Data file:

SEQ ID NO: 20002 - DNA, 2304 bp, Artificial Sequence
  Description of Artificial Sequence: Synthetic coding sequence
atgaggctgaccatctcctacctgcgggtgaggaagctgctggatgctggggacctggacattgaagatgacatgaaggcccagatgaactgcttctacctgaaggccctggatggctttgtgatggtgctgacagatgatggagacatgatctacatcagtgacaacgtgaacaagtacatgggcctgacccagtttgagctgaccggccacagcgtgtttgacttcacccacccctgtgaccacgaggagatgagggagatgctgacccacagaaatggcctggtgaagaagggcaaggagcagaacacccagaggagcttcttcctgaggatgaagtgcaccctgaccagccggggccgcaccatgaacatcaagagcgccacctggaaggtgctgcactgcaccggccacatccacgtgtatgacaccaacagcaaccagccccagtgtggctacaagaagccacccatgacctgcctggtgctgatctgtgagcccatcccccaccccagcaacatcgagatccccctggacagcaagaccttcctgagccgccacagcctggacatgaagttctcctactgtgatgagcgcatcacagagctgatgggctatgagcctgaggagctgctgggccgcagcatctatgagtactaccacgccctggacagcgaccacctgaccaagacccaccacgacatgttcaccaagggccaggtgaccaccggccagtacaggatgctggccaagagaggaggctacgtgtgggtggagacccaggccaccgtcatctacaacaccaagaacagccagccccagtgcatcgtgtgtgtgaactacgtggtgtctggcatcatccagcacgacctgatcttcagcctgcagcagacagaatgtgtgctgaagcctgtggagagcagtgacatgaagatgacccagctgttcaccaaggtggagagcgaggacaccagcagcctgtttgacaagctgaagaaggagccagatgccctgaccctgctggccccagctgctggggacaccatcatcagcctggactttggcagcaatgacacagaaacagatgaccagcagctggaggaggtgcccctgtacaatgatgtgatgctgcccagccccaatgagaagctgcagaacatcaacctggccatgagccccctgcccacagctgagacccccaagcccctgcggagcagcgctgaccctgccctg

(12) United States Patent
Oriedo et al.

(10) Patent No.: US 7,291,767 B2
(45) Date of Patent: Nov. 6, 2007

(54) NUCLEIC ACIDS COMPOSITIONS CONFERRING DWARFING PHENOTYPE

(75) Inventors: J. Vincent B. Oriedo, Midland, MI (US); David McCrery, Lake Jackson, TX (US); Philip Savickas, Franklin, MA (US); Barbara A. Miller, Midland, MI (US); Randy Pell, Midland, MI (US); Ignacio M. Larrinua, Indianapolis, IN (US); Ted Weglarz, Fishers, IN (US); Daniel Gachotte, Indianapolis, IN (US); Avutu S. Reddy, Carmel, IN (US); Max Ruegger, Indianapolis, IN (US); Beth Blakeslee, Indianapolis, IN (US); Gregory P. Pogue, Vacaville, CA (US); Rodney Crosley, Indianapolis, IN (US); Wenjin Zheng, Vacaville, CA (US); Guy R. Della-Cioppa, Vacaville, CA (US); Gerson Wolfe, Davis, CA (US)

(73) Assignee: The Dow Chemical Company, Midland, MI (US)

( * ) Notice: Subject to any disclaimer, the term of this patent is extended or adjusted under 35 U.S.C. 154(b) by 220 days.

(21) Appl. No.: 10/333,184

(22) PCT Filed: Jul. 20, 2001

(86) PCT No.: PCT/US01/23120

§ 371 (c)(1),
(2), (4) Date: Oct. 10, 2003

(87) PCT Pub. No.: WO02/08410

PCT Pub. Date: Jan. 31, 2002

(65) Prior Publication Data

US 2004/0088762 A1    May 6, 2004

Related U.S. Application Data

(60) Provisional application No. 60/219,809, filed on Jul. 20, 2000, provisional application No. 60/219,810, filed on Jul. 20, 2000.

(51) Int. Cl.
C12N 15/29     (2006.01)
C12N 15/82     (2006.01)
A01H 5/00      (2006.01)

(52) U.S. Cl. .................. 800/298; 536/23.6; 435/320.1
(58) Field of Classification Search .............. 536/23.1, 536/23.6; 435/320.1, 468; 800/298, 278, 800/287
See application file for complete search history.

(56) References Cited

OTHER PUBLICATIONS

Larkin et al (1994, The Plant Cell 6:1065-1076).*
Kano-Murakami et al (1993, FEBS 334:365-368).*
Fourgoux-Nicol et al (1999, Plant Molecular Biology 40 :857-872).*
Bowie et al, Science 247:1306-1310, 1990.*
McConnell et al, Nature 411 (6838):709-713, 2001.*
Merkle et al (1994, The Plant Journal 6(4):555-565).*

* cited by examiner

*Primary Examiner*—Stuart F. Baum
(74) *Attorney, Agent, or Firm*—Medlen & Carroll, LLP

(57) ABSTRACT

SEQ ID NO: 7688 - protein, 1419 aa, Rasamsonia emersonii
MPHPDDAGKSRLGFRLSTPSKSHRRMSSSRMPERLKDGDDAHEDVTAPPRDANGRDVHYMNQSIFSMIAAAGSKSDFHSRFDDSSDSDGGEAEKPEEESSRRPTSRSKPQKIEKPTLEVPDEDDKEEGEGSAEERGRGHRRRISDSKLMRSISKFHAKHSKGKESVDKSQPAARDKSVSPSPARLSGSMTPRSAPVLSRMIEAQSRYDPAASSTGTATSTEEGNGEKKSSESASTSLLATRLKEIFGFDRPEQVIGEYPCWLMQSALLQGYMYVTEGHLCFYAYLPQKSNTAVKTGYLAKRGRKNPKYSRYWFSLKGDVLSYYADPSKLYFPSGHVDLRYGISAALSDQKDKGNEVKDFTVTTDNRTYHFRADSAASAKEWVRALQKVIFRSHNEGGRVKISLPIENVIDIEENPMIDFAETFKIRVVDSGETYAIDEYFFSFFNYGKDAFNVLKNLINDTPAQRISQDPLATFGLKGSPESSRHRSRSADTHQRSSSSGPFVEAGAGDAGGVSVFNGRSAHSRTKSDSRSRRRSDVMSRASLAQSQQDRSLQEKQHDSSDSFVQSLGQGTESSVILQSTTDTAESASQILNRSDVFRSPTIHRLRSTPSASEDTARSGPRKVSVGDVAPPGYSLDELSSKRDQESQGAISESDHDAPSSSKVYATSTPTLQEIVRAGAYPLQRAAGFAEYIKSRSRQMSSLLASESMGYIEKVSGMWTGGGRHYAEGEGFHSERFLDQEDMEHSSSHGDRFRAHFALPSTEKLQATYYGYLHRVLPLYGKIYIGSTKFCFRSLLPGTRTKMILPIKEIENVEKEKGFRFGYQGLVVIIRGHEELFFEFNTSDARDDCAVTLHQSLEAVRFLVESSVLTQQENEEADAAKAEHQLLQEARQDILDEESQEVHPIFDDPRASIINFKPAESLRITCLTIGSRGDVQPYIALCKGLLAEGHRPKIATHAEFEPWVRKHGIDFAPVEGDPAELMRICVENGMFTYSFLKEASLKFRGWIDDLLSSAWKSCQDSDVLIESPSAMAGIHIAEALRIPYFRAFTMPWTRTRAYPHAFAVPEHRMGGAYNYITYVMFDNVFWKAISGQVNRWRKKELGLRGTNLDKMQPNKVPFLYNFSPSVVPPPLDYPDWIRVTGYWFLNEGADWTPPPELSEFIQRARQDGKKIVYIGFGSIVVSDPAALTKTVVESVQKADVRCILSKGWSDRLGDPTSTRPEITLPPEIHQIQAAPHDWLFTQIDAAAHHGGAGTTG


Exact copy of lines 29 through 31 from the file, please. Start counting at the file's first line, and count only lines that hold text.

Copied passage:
See application file for complete search history.

(56) References Cited

OTHER PUBLICATIONS